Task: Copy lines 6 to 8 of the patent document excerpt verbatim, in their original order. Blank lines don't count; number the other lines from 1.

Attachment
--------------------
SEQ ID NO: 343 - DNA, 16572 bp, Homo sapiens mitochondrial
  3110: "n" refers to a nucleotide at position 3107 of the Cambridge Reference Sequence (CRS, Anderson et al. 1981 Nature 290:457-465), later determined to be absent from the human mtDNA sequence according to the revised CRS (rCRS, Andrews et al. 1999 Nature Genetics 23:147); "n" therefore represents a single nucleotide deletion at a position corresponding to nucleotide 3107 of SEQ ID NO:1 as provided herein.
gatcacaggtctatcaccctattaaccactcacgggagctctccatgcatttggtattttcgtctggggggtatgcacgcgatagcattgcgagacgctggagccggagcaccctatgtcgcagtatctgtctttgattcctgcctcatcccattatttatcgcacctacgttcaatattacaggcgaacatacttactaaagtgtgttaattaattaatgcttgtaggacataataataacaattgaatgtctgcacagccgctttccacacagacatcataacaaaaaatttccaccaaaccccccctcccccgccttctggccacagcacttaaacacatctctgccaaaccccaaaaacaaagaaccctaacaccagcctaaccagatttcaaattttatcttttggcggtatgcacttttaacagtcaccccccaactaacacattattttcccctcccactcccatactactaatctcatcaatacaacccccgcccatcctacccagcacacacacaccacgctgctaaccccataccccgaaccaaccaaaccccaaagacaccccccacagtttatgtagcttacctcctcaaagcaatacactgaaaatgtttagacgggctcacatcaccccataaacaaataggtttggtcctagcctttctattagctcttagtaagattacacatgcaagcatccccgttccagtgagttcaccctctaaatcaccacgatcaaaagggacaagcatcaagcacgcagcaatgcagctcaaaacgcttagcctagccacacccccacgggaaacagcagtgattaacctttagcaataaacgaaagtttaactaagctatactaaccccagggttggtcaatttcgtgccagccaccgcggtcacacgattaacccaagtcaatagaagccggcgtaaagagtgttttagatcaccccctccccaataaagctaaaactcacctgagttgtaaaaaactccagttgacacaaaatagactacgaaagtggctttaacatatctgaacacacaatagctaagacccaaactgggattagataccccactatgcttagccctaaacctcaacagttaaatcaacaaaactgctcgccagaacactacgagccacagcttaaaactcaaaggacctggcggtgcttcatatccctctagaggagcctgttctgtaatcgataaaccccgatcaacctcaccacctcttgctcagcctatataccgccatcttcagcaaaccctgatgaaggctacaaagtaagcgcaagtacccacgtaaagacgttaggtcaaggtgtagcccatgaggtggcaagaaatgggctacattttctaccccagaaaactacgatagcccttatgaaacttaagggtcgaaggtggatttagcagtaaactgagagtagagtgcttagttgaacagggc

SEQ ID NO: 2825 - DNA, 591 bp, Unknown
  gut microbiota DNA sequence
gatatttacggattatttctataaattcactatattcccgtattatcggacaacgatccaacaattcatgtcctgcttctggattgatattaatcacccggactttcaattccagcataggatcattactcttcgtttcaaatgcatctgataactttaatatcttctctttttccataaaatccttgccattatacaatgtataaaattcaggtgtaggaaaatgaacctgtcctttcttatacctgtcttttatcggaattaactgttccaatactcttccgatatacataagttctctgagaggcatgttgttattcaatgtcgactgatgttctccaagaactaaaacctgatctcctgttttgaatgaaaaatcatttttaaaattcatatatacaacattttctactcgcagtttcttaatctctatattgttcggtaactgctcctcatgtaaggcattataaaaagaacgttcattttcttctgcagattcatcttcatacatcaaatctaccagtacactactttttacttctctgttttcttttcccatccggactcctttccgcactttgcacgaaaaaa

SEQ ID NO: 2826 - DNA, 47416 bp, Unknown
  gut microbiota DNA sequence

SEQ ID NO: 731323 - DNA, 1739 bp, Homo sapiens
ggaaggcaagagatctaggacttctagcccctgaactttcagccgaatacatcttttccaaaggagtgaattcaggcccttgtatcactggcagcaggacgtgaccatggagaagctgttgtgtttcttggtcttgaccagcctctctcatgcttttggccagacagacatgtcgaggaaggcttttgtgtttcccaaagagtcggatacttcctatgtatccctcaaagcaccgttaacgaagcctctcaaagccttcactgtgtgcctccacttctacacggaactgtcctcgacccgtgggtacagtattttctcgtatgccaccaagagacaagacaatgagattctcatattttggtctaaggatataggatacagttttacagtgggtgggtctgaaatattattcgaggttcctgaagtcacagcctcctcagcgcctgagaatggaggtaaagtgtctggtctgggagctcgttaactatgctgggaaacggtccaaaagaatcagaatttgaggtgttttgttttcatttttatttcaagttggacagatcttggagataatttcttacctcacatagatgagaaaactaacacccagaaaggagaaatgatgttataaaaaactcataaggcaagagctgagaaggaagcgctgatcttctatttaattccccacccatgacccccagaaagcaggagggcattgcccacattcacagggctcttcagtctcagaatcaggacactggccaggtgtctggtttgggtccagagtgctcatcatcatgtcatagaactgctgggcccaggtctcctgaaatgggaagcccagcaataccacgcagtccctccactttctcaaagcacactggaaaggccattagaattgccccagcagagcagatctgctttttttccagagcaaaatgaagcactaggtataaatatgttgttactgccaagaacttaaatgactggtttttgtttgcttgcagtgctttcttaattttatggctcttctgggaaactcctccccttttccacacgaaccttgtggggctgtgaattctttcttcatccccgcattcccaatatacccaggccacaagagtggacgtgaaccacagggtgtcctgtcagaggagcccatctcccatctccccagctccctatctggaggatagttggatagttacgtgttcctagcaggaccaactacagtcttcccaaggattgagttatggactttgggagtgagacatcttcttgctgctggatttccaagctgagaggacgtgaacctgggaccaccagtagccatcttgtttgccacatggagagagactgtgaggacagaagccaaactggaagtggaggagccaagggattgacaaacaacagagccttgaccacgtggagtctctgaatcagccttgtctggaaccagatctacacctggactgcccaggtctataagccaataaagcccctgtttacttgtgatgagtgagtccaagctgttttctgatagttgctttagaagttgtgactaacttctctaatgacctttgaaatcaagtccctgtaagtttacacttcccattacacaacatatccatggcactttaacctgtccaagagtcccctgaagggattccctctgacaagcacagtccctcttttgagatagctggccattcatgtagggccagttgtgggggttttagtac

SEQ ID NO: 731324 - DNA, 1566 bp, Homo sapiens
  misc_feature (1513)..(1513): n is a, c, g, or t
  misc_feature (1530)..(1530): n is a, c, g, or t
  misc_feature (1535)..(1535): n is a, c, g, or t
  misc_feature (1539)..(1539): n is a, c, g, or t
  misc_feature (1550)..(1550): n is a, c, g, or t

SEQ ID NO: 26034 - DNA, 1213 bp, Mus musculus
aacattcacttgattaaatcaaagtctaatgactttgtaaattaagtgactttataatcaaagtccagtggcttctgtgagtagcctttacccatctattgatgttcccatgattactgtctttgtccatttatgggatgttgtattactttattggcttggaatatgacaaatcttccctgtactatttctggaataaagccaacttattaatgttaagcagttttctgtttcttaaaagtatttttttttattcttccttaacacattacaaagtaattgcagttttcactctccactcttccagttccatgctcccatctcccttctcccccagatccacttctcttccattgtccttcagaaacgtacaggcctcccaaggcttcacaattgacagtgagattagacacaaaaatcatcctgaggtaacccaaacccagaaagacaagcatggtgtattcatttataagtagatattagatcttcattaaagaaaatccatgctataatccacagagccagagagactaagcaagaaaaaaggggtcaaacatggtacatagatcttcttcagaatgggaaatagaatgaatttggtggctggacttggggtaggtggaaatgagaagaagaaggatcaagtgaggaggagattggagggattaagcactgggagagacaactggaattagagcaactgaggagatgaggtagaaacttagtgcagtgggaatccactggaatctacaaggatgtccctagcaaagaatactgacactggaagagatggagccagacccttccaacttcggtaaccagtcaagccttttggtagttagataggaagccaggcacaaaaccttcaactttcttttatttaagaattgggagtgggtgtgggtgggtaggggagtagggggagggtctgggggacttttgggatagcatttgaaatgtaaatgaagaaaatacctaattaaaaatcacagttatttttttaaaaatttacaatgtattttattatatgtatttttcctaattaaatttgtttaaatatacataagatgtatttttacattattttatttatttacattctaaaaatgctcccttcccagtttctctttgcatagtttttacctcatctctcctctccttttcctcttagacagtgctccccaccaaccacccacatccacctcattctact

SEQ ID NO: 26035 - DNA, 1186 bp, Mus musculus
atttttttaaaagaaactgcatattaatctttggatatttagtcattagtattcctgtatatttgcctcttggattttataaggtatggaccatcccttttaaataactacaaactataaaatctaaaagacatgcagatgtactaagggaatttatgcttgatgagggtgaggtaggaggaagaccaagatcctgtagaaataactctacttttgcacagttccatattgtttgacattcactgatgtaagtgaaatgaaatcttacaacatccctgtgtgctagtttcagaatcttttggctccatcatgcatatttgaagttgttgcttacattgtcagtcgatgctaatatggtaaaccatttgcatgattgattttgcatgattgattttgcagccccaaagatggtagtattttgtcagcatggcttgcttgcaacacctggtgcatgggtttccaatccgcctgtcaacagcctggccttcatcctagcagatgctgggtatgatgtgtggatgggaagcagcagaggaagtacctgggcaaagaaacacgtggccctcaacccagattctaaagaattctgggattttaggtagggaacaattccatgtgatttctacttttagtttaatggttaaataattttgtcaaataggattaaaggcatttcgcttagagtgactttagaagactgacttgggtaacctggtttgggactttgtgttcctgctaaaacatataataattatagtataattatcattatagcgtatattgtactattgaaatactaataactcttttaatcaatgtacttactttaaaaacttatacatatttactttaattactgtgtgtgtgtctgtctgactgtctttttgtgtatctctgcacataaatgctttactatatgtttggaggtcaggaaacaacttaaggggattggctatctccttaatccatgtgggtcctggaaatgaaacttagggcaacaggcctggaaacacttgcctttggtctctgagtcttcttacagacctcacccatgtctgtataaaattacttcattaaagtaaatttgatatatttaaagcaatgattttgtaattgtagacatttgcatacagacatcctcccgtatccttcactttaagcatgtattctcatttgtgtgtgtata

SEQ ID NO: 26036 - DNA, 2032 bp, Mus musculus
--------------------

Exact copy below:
gatatttacggattatttctataaattcactatattcccgtattatcggacaacgatccaacaattcatgtcctgcttctggattgatattaatcacccggactttcaattccagcataggatcattactcttcgtttcaaatgcatctgataactttaatatcttctctttttccataaaatccttgccattatacaatgtataaaattcaggtgtaggaaaatgaacctgtcctttcttatacctgtcttttatcggaattaactgttccaatactcttccgatatacataagttctctgagaggcatgttgttattcaatgtcgactgatgttctccaagaactaaaacctgatctcctgttttgaatgaaaaatcatttttaaaattcatatatacaacattttctactcgcagtttcttaatctctatattgttcggtaactgctcctcatgtaaggcattataaaaagaacgttcattttcttctgcagattcatcttcatacatcaaatctaccagtacactactttttacttctctgttttcttttcccatccggactcctttccgcactttgcacgaaaaaa

SEQ ID NO: 2826 - DNA, 47416 bp, Unknown
  gut microbiota DNA sequence